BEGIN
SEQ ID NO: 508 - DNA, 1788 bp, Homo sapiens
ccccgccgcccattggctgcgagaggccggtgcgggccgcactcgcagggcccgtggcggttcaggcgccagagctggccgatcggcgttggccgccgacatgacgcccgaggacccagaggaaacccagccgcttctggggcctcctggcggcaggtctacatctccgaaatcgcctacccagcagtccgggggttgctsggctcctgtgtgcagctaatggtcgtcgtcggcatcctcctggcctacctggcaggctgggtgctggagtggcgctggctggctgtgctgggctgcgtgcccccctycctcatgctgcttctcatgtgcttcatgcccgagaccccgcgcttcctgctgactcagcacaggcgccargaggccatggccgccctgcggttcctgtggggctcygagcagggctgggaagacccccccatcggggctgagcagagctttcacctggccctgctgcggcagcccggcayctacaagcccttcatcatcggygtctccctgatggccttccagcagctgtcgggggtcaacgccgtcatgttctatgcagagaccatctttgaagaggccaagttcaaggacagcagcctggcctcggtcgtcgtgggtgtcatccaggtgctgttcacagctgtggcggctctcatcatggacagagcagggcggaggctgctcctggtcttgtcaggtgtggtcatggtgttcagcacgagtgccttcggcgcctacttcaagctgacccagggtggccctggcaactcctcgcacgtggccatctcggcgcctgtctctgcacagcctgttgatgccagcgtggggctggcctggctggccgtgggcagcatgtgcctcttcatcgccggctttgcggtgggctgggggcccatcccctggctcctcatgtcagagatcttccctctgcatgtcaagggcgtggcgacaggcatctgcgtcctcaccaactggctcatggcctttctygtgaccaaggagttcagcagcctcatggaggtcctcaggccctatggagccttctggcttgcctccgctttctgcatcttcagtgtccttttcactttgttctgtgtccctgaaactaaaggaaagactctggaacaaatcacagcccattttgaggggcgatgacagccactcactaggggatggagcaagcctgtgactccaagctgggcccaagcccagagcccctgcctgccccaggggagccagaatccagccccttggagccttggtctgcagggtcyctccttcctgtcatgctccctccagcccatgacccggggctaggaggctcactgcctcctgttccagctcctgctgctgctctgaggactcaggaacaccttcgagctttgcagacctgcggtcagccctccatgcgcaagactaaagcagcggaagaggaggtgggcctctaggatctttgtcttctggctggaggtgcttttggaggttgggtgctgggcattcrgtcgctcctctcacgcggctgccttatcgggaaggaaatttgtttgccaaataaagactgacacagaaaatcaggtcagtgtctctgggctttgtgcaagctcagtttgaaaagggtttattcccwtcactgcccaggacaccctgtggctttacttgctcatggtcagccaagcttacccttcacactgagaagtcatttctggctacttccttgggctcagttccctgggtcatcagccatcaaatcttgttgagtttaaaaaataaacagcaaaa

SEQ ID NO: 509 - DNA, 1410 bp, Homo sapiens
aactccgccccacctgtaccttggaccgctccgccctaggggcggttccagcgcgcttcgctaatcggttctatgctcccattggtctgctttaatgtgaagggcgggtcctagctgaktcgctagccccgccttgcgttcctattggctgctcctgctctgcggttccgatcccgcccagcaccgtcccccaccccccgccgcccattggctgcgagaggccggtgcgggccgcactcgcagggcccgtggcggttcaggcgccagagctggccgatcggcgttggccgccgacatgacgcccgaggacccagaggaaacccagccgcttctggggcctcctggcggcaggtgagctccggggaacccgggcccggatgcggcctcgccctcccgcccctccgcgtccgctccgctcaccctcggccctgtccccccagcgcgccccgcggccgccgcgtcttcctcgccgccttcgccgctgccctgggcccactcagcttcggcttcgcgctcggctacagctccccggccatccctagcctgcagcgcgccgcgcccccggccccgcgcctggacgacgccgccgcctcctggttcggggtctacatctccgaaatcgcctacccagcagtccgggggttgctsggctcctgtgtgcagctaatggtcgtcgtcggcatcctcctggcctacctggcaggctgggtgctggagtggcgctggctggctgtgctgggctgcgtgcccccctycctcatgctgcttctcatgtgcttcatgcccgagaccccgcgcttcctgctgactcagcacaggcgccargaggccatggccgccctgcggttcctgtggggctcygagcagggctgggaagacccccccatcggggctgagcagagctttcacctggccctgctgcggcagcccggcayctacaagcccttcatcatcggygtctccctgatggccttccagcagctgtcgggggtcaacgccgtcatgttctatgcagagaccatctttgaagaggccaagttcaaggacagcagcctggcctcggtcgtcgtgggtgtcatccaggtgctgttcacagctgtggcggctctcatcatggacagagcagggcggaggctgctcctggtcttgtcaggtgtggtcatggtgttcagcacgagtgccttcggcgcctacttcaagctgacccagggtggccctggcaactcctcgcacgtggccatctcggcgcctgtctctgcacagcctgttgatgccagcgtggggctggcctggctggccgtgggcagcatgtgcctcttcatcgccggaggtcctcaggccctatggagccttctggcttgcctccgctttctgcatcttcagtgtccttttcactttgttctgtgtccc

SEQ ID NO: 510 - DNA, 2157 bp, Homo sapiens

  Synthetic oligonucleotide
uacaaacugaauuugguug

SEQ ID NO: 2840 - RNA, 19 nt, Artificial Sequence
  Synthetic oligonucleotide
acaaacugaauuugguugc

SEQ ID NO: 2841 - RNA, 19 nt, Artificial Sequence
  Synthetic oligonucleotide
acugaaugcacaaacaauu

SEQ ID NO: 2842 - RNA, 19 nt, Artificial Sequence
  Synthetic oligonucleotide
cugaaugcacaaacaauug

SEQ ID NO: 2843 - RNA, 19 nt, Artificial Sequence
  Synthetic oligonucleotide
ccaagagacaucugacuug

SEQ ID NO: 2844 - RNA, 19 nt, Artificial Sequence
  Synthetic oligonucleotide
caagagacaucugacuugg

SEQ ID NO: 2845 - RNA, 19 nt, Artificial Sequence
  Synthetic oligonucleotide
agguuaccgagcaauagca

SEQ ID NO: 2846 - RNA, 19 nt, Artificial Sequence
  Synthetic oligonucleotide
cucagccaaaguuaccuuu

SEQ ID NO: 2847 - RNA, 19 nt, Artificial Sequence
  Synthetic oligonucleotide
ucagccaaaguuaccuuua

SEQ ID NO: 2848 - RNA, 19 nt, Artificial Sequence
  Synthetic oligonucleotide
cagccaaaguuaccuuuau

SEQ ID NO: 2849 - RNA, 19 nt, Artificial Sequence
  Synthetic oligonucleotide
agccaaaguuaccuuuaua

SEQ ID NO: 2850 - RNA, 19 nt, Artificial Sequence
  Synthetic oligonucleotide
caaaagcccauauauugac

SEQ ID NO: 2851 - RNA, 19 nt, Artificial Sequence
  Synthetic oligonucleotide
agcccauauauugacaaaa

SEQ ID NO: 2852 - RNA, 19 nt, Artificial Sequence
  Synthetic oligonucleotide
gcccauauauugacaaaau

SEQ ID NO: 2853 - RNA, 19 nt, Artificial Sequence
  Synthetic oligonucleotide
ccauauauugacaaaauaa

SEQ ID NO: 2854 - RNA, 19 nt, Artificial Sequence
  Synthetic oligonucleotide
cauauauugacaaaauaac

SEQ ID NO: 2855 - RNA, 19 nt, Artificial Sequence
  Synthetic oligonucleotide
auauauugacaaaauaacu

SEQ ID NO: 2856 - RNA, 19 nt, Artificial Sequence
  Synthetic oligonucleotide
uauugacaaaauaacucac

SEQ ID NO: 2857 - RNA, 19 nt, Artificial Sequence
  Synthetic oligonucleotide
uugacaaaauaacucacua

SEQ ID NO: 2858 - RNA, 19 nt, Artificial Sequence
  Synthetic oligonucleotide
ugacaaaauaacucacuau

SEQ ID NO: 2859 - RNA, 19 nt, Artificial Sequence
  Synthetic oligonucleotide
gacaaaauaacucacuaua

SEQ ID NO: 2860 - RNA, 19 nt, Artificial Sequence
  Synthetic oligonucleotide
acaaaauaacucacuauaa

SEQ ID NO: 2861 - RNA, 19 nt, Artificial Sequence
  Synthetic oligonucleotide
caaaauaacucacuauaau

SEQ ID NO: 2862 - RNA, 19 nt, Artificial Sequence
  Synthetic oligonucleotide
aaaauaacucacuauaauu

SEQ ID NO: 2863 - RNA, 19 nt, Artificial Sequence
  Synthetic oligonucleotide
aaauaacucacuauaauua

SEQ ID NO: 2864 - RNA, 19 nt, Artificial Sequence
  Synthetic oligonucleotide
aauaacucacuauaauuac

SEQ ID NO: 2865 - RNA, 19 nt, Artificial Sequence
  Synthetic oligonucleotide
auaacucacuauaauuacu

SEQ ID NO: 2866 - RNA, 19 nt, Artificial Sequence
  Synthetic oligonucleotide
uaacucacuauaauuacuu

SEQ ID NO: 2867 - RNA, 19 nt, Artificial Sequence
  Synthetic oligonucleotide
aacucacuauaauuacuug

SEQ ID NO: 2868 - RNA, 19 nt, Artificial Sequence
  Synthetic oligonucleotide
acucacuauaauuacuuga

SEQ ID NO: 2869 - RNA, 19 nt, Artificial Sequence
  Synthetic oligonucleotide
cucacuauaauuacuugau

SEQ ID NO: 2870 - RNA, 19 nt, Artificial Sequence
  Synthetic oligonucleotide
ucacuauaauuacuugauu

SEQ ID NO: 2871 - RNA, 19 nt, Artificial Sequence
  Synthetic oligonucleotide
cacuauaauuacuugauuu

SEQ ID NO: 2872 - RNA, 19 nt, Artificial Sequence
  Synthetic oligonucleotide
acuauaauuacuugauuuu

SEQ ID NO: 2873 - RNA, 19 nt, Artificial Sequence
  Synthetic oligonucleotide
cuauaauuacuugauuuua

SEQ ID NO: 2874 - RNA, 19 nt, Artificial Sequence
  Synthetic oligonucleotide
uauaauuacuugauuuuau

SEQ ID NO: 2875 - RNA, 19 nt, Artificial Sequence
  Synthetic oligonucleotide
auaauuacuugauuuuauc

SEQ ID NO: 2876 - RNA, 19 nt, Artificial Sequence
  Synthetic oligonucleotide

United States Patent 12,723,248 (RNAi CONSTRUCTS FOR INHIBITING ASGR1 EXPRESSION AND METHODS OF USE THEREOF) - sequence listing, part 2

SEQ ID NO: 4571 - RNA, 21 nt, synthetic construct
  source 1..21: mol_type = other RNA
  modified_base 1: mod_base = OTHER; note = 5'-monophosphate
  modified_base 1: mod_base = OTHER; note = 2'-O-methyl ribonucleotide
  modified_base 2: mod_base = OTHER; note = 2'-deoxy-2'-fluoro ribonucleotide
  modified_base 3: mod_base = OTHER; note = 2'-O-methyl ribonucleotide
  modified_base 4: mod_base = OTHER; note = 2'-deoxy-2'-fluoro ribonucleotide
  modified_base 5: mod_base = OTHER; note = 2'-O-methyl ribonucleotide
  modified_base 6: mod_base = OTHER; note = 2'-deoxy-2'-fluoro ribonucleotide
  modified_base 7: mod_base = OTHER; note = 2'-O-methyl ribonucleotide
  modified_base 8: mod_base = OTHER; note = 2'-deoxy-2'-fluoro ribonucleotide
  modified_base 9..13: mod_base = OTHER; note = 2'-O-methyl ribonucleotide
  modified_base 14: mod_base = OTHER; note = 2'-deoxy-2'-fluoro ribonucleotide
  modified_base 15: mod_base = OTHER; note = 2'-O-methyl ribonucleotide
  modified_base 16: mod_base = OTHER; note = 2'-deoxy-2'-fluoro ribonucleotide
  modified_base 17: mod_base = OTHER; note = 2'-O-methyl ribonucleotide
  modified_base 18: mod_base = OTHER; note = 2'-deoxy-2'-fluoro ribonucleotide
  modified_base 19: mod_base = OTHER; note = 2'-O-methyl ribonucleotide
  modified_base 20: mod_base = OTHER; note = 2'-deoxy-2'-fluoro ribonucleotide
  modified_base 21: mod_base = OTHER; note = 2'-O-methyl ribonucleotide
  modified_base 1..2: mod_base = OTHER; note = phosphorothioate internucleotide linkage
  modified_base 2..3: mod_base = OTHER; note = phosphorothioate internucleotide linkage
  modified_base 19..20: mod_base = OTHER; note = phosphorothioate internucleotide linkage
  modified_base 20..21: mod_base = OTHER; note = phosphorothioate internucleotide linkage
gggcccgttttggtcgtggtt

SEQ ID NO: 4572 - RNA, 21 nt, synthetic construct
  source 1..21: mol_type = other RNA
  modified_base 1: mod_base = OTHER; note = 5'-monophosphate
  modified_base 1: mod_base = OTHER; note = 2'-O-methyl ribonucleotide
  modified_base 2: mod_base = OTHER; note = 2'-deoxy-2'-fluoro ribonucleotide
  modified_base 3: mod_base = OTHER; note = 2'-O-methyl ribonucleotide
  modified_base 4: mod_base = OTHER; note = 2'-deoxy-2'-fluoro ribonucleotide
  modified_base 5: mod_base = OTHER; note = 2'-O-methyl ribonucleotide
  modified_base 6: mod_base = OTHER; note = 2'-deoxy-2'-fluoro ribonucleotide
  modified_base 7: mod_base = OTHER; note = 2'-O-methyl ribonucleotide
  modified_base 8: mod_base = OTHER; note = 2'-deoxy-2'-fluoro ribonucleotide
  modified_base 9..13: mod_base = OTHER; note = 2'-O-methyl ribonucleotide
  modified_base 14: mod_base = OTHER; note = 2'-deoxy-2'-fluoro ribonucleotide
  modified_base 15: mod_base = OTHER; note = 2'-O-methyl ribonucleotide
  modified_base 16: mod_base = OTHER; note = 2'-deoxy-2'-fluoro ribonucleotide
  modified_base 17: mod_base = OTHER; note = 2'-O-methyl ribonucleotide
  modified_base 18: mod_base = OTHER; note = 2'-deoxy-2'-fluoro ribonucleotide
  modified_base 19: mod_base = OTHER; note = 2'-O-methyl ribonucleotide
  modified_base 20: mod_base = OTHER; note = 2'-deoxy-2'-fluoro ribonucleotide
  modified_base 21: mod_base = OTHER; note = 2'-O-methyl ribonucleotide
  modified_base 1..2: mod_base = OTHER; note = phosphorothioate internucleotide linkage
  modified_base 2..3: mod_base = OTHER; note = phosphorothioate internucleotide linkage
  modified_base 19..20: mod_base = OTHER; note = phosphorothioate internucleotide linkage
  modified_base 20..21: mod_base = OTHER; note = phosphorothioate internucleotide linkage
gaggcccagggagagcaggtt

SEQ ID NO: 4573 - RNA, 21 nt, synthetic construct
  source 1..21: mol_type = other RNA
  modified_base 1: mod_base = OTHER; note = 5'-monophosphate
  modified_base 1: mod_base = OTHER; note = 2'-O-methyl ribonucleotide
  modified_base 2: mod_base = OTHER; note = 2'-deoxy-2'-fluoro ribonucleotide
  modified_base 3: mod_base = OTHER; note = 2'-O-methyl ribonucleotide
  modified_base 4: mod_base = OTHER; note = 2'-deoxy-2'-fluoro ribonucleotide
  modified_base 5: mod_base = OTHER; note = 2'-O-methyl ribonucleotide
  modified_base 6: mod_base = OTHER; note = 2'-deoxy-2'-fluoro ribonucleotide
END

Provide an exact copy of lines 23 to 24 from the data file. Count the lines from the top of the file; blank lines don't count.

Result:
SEQ ID NO: 2845 - RNA, 19 nt, Artificial Sequence
  Synthetic oligonucleotide